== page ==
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My Two Dads and the Threat of Female Sexuality

Dead parents are surprisingly common in the world of sitcoms. Often this is to facilitate introducing a plucky, young orphan with impeccable comedic timing. Most commonly it’s to provide a wise, single father with a child he can dole out life lessons to, while also providing writers with a way to introduce new love interests as needed. In the case of My Two Dads, it’s a little from column A and a little from column B.

Premiering in 1987, the premise for My Two Dads garnered a bit of controversy before the first episode even aired. Originally titled Who’s Dad?, the show follows two former buddies who had a falling out over a girl. The men are begrudgingly brought back together when they learn that their former mutual love interest has passed away, leaving behind a young daughter, Nicole, to whom one of them is the father.

When paternity tests come back inconclusive, the two men choose to raise the daughter together. Wacky antics ensue. So what was the initial reaction?

According to reports, the show was rewritten while in development to focus less on the question of paternity, and the title was changed to calm affiliates. With that out of the way, what was the response once the show finally aired?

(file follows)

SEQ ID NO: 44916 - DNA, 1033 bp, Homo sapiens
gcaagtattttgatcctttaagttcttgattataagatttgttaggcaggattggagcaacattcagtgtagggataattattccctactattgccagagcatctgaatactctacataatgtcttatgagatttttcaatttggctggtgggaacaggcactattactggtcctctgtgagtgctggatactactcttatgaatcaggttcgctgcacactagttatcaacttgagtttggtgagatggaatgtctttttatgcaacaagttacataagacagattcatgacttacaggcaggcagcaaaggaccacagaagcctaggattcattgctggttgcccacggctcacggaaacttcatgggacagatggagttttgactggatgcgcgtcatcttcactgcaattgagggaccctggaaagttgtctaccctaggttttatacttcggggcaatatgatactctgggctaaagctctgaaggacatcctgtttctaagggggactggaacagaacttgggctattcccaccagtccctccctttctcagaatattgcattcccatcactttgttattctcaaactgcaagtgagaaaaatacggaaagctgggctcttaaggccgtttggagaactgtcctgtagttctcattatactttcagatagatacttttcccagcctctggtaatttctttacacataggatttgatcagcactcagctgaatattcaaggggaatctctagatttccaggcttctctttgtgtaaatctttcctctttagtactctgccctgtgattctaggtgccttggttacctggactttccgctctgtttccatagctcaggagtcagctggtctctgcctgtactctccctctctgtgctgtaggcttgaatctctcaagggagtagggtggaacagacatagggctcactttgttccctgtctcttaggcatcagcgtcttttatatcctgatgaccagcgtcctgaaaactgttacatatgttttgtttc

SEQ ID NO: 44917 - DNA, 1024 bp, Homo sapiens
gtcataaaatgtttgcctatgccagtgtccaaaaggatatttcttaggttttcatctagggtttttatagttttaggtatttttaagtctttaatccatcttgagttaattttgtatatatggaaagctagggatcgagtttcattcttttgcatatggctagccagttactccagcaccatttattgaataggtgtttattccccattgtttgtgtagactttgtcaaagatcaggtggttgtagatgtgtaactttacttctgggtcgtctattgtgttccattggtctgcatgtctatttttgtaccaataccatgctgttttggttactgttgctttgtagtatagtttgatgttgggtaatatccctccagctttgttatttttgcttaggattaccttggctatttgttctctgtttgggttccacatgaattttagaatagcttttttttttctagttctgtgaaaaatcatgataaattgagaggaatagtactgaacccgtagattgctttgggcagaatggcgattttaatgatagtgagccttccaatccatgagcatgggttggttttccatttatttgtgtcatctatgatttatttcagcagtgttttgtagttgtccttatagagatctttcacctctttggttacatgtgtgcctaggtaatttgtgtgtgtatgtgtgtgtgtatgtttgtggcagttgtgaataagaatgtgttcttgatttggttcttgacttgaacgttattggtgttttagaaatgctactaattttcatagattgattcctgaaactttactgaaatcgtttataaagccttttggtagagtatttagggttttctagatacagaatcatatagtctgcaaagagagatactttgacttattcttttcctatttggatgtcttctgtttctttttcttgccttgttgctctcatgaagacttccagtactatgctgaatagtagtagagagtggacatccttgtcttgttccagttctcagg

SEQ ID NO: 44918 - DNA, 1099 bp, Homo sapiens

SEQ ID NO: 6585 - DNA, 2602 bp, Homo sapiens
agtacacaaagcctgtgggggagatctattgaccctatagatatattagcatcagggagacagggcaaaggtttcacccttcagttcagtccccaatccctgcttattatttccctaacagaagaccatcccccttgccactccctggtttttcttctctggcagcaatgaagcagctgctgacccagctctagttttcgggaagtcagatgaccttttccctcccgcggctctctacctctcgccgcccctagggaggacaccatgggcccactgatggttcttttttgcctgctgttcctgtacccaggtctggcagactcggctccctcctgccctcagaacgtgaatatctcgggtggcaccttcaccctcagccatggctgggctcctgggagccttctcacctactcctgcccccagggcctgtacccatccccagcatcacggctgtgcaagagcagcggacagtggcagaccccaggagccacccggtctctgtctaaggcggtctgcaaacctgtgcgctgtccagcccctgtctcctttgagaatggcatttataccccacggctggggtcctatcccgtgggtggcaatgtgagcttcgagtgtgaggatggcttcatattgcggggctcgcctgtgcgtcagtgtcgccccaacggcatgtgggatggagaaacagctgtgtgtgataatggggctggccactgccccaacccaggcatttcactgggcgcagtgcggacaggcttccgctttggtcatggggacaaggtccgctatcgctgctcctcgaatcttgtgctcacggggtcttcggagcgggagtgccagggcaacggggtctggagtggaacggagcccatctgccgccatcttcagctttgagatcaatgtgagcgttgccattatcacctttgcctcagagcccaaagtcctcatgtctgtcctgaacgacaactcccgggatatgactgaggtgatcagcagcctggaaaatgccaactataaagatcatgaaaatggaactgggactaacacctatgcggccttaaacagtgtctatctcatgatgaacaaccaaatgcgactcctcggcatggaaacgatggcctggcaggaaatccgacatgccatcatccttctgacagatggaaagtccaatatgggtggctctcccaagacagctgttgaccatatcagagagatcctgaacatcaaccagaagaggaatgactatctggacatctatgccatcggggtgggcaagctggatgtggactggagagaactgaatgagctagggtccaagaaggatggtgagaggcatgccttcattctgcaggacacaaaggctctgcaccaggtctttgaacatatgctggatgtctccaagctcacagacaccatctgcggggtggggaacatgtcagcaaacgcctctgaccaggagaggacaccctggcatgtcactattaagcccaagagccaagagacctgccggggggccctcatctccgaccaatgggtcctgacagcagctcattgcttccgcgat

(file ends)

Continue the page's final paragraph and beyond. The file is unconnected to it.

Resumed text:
My initial assumption would be that a comedy about same-sex parents would draw serious blowback in ’87, but critics focused all their vitriol on one character: the dead mom.

Philadelphia Inquirer critic Ken Tucker called the premise “simultaneously racy and morbid.”

Miami Herald critic Steve Sonsky went all in, writing, “Welcome to Bastard Daughter—another giant leap forward for situation comedy. My, we have gotten more sophisticated in our attitudes. Now that television, once overpopulated with single-parent comedies, has become saturated with nuclear families, sitcoms are taking the inevitable next step: families with illegitimate children.”

Sonsky, who seems like an asshole, adds “See, Nicole’s recently deceased mom had slept with both of them (quite a role model, Dead Mom) on a Key West vacation.”

Nancy Morris of the Shreveport Journal wrote that the show “doesn’t say much for morality–or for sensitivity to children who have lost their custodial parent or parents.” Morris’s main objection was that the show was inappropriate for a young audience, adding, “youngsters will slide right into a show about a child whose late mother didn’t even know who her father was.”

To address the issue of impressionable young viewers, I found a letter that a sixth-grader wrote to the Salt Lake Tribune in October, 1987, that shows you exactly how children viewed the premise of My Two Dads.

“It is about two men who liked the same lady in high school. The lady had a daughter. The lady died and left her daughter to the two men. The men were completely different and had to find a way to raise the girl,” wrote young Karen Sander. “I thought it was a very funny show and would strongly suggest it.”

See, kids do not care. But why exactly are these critics slut shaming a dead woman who doesn’t actually exist?